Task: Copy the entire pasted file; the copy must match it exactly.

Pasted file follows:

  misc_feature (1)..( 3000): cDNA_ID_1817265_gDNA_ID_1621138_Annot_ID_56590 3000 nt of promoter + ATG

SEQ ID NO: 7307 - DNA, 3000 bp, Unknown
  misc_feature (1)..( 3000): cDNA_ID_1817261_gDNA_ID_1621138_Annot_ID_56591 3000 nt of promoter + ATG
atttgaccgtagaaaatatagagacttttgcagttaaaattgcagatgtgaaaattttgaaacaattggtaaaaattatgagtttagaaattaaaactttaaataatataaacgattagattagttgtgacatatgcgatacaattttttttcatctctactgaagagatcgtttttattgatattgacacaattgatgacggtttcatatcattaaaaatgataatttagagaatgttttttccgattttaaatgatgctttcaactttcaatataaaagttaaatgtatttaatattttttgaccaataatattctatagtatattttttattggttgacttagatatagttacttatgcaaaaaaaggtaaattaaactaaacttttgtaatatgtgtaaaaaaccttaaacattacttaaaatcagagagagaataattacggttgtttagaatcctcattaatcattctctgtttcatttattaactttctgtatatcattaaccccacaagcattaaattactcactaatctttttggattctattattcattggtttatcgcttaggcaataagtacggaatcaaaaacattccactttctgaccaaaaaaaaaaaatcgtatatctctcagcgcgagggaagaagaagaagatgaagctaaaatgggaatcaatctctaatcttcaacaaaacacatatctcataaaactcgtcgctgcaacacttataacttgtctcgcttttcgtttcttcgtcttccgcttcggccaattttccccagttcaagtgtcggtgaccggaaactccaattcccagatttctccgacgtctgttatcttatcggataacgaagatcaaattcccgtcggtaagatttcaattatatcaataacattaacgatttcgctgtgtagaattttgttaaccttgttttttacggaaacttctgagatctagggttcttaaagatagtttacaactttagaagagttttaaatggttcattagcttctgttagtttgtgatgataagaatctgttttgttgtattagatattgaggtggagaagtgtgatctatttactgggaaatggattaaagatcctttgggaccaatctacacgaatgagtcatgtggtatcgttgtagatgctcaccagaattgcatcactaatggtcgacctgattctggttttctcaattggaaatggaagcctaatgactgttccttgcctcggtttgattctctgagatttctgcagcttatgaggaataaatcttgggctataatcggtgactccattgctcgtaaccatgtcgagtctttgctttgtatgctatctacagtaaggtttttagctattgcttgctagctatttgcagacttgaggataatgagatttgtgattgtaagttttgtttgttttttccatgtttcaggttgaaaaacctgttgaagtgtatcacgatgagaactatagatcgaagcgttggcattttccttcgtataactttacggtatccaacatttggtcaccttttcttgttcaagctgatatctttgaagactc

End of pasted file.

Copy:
  misc_feature (1)..( 3000): cDNA_ID_1817265_gDNA_ID_1621138_Annot_ID_56590 3000 nt of promoter + ATG

SEQ ID NO: 7307 - DNA, 3000 bp, Unknown
  misc_feature (1)..( 3000): cDNA_ID_1817261_gDNA_ID_1621138_Annot_ID_56591 3000 nt of promoter + ATG
atttgaccgtagaaaatatagagacttttgcagttaaaattgcagatgtgaaaattttgaaacaattggtaaaaattatgagtttagaaattaaaactttaaataatataaacgattagattagttgtgacatatgcgatacaattttttttcatctctactgaagagatcgtttttattgatattgacacaattgatgacggtttcatatcattaaaaatgataatttagagaatgttttttccgattttaaatgatgctttcaactttcaatataaaagttaaatgtatttaatattttttgaccaataatattctatagtatattttttattggttgacttagatatagttacttatgcaaaaaaaggtaaattaaactaaacttttgtaatatgtgtaaaaaaccttaaacattacttaaaatcagagagagaataattacggttgtttagaatcctcattaatcattctctgtttcatttattaactttctgtatatcattaaccccacaagcattaaattactcactaatctttttggattctattattcattggtttatcgcttaggcaataagtacggaatcaaaaacattccactttctgaccaaaaaaaaaaaatcgtatatctctcagcgcgagggaagaagaagaagatgaagctaaaatgggaatcaatctctaatcttcaacaaaacacatatctcataaaactcgtcgctgcaacacttataacttgtctcgcttttcgtttcttcgtcttccgcttcggccaattttccccagttcaagtgtcggtgaccggaaactccaattcccagatttctccgacgtctgttatcttatcggataacgaagatcaaattcccgtcggtaagatttcaattatatcaataacattaacgatttcgctgtgtagaattttgttaaccttgttttttacggaaacttctgagatctagggttcttaaagatagtttacaactttagaagagttttaaatggttcattagcttctgttagtttgtgatgataagaatctgttttgttgtattagatattgaggtggagaagtgtgatctatttactgggaaatggattaaagatcctttgggaccaatctacacgaatgagtcatgtggtatcgttgtagatgctcaccagaattgcatcactaatggtcgacctgattctggttttctcaattggaaatggaagcctaatgactgttccttgcctcggtttgattctctgagatttctgcagcttatgaggaataaatcttgggctataatcggtgactccattgctcgtaaccatgtcgagtctttgctttgtatgctatctacagtaaggtttttagctattgcttgctagctatttgcagacttgaggataatgagatttgtgattgtaagttttgtttgttttttccatgtttcaggttgaaaaacctgttgaagtgtatcacgatgagaactatagatcgaagcgttggcattttccttcgtataactttacggtatccaacatttggtcaccttttcttgttcaagctgatatctttgaagactc